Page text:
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Help for the abused

Help for the abused

Erna Johnson

Domestic violence is a terrible plague in communities worldwide, and in some areas, such as the South Pacific, as much as 50 percent of the population is affected. A group called Adventist Women's Ministries has worked hard during the past two years to educate communities with the message that abuse is unacceptable in any shape or form.

Victims can suffer at the hands of intimate friends, family members or spouses, and they live in daily fear for their safety and even their lives. They never know when they will be assaulted next or what behaviors or remarks might precipitate an incident. They spend their days believing that violence will happen and that they will be unable to prevent or avoid it.

Those who inflict violence on their partners come from every race, class, profession, age, geographic region and religious group. Abusers continue to abuse because society ignores, accepts or fails to prosecute their behavior. Historically, violence in the home has been overlooked because "domestic" situations were considered private. Friends, coworkers and even relatives may never witness or suspect violence in families because it only happens in the privacy of the home.

Of the 136 countries listed in the United Nation's Gender Development Index, Papua New Guinea (PNG) ranks at just 124, placing it in the bottom 10 percent or countries worldwide where abuse occurs. Some 40 percent of the population lives below the poverty line. These statistics translate into a harsh reality for many women in PNG—two out of three have experienced domestic violence, and an astounding 50 percent have experienced rape.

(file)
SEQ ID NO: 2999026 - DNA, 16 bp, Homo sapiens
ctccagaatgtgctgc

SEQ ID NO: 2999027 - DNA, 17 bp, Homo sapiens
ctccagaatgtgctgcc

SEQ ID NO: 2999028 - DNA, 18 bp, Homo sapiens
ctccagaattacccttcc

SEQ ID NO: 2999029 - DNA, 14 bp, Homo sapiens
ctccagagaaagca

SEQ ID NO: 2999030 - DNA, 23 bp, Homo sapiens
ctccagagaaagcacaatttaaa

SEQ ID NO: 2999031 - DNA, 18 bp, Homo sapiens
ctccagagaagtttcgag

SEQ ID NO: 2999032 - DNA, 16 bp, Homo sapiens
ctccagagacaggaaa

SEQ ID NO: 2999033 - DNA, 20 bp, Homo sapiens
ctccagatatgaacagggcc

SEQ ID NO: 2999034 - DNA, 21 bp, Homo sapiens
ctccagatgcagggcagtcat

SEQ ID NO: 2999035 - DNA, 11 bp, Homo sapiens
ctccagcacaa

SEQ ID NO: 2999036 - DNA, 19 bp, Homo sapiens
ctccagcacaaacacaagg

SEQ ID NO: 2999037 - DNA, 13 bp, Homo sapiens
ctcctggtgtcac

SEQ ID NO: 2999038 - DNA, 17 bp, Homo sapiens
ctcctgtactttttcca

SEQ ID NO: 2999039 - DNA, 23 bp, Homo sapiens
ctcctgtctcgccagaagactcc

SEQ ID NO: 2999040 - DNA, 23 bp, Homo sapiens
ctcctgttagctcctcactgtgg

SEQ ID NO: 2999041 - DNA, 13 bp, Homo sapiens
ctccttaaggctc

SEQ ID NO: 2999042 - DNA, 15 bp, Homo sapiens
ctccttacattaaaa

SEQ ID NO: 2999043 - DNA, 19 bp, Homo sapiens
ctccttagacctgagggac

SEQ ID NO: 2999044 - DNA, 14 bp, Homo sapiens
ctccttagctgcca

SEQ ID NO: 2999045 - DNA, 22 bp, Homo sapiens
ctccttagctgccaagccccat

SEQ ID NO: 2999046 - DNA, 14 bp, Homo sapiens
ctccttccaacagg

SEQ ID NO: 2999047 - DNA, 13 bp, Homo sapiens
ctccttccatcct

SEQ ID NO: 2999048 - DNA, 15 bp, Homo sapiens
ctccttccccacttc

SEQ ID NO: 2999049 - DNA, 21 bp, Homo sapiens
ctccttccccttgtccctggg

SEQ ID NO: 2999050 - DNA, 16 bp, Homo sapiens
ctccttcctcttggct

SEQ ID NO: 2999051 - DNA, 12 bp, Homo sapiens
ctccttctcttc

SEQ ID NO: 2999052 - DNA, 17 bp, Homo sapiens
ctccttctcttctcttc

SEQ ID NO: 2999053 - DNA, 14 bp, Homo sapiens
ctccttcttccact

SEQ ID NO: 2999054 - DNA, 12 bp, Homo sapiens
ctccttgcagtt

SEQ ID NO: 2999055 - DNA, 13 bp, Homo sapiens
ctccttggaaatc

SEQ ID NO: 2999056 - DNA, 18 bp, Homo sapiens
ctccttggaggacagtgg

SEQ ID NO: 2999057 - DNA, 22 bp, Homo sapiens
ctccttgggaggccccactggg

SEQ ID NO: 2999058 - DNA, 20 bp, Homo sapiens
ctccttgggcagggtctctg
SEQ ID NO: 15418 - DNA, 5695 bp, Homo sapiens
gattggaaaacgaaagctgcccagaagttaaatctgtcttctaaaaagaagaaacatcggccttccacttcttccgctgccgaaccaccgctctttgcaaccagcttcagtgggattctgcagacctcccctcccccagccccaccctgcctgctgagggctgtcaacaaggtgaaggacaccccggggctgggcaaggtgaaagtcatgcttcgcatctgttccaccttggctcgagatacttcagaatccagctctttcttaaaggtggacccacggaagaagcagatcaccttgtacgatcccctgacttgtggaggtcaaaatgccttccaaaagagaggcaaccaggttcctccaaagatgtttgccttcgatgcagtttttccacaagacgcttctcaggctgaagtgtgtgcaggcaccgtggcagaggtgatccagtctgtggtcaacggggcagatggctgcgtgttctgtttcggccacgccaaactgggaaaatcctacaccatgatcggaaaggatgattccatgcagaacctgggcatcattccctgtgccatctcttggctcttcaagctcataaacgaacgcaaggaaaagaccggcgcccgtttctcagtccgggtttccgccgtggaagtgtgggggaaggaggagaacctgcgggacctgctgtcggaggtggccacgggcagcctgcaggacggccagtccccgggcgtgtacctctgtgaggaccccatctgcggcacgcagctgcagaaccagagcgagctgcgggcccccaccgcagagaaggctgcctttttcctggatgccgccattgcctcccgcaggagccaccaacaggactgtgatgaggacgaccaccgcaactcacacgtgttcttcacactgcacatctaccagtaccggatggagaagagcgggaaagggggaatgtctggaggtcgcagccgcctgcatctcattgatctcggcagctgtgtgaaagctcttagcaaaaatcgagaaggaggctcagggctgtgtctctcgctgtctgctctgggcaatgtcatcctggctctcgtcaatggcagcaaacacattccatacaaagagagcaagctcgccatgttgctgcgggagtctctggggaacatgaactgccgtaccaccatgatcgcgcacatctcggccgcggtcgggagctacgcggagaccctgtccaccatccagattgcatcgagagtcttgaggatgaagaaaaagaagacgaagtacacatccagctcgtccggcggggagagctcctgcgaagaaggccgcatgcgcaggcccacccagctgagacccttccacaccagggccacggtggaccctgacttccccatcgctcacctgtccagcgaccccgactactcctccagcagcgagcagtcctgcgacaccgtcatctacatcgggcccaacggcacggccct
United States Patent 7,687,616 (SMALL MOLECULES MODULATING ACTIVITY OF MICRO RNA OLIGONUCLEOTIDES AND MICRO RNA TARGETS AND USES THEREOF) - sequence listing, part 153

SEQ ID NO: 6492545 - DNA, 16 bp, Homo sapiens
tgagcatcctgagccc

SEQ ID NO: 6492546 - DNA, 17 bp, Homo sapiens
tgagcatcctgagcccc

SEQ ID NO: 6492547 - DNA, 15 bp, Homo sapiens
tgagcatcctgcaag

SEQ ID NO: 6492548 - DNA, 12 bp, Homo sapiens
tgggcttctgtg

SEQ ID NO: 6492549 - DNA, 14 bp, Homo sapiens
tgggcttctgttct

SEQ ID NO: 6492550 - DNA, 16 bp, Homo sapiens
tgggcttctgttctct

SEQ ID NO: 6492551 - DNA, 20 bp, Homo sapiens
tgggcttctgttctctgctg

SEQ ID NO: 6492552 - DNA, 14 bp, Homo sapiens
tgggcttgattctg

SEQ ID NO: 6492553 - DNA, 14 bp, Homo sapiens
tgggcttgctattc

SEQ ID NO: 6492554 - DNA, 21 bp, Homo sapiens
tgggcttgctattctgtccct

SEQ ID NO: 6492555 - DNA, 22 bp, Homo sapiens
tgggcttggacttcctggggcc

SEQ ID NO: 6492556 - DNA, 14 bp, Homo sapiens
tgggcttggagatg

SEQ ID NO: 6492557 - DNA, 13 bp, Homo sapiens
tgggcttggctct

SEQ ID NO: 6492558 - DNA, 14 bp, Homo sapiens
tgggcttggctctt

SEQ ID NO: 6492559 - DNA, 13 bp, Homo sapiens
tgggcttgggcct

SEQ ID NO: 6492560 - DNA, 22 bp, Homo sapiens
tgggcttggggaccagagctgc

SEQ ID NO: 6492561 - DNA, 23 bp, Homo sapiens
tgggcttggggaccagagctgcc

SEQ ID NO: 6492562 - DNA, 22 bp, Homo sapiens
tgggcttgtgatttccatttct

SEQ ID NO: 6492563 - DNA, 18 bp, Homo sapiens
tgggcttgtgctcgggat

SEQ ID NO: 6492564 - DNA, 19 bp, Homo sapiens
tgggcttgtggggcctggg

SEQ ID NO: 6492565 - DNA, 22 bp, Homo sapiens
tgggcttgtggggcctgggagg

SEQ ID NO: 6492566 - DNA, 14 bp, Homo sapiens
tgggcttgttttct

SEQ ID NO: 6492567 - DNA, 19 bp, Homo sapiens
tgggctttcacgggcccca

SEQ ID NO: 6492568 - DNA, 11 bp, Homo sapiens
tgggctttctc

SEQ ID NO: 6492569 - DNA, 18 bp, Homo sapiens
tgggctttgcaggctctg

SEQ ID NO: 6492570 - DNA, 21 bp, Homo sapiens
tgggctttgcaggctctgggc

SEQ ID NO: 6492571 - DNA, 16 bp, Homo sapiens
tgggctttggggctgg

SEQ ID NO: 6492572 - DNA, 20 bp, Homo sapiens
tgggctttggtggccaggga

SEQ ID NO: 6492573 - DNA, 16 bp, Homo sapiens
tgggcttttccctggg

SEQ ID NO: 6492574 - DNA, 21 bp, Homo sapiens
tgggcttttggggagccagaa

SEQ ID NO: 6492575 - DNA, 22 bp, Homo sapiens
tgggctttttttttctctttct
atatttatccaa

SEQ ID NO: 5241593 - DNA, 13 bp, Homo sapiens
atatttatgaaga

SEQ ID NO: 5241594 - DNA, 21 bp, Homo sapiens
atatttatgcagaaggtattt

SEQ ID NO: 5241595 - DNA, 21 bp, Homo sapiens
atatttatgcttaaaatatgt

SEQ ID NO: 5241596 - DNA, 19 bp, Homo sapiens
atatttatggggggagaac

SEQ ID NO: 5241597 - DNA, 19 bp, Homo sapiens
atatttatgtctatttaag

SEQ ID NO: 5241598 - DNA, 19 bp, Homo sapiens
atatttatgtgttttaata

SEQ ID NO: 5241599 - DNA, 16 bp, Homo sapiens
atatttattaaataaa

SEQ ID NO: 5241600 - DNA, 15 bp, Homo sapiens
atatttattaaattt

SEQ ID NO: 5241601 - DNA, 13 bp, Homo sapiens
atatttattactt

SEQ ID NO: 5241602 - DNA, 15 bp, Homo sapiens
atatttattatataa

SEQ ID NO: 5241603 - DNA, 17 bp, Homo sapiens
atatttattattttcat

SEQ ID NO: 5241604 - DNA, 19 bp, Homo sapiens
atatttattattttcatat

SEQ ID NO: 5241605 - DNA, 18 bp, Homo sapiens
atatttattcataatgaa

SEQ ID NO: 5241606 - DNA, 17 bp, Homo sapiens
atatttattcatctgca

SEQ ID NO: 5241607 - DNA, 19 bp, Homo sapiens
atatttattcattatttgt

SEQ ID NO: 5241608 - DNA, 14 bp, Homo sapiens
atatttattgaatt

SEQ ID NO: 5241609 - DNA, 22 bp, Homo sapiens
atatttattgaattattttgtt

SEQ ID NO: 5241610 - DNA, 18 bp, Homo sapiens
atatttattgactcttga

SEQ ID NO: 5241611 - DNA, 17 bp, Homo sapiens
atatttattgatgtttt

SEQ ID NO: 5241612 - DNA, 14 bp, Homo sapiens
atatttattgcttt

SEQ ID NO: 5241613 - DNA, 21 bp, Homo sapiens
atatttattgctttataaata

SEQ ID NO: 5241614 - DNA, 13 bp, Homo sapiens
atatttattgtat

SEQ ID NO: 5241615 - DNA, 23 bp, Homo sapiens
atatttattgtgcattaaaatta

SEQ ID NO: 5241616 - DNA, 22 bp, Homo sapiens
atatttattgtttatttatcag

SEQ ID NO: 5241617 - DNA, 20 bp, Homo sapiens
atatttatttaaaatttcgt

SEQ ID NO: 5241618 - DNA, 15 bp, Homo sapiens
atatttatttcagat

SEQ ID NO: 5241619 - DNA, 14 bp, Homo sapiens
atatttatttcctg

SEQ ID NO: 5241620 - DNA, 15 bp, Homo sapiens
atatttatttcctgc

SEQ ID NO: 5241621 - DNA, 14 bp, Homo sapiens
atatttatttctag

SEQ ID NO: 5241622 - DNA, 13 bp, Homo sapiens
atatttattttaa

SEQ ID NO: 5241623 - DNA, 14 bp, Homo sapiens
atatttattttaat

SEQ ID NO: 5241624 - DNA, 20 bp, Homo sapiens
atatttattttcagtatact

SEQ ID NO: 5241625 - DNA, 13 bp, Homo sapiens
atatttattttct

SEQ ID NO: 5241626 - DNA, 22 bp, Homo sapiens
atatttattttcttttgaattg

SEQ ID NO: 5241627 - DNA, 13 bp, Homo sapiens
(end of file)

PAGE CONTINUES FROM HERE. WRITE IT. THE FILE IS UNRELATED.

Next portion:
With this in mind, Adventist Women's Ministries has initiated a worldwide abuse prevention program called "End It Now." The program has three main areas of focus: nurture, empowerment and outreach. It mentors younger women, encourages mothers, and supports older women as well as those who are hurting. This is exactly what the Adventist women in Port Moresby, PNG, are doing for their community.

As part of "End it Now," Adventist women in Port Moresby are volunteering to do something tangible about the terrible statistics found in their country.

While educating those in their area on abuse prevention, the group discovered many women in their community who did not seek medical attention after experiencing abuse simply because they could not afford it. So the Adventist women approached some gynecologists and asked if they would be willing to examine women who had been abused. Dr. Kauri, a female doctor, accepted the challenge.

The abused women have been organized into groups, and each week the Adventist volunteers bring them to the doctor for a checkup. Sixty percent of the women visiting the doctor now receive treatment for various problems resulting from abuse.

Many of the women who go to Kauri have been raped by their husbands and are bruised in both body and soul. Many also suffer from sexually transmitted diseases because their husbands have multiple sex partners. Since more than 60 percent of the women being helped medically are also illiterate, they are encouraged to attend Adventist operated literacy schools (there are 182 such schools across PNG) so they can learn how to read and write.                                                           

Domestic violence, however, is not confined to developing countries like PNG. It continues to be a major issue facing families and individuals in every society around the world. But it only takes one person to start a good work in the community. Will you help end domestic violence now? Go to www.enditnow.org.

This article originally appeared in Signs of the Times magazine March, 2011.

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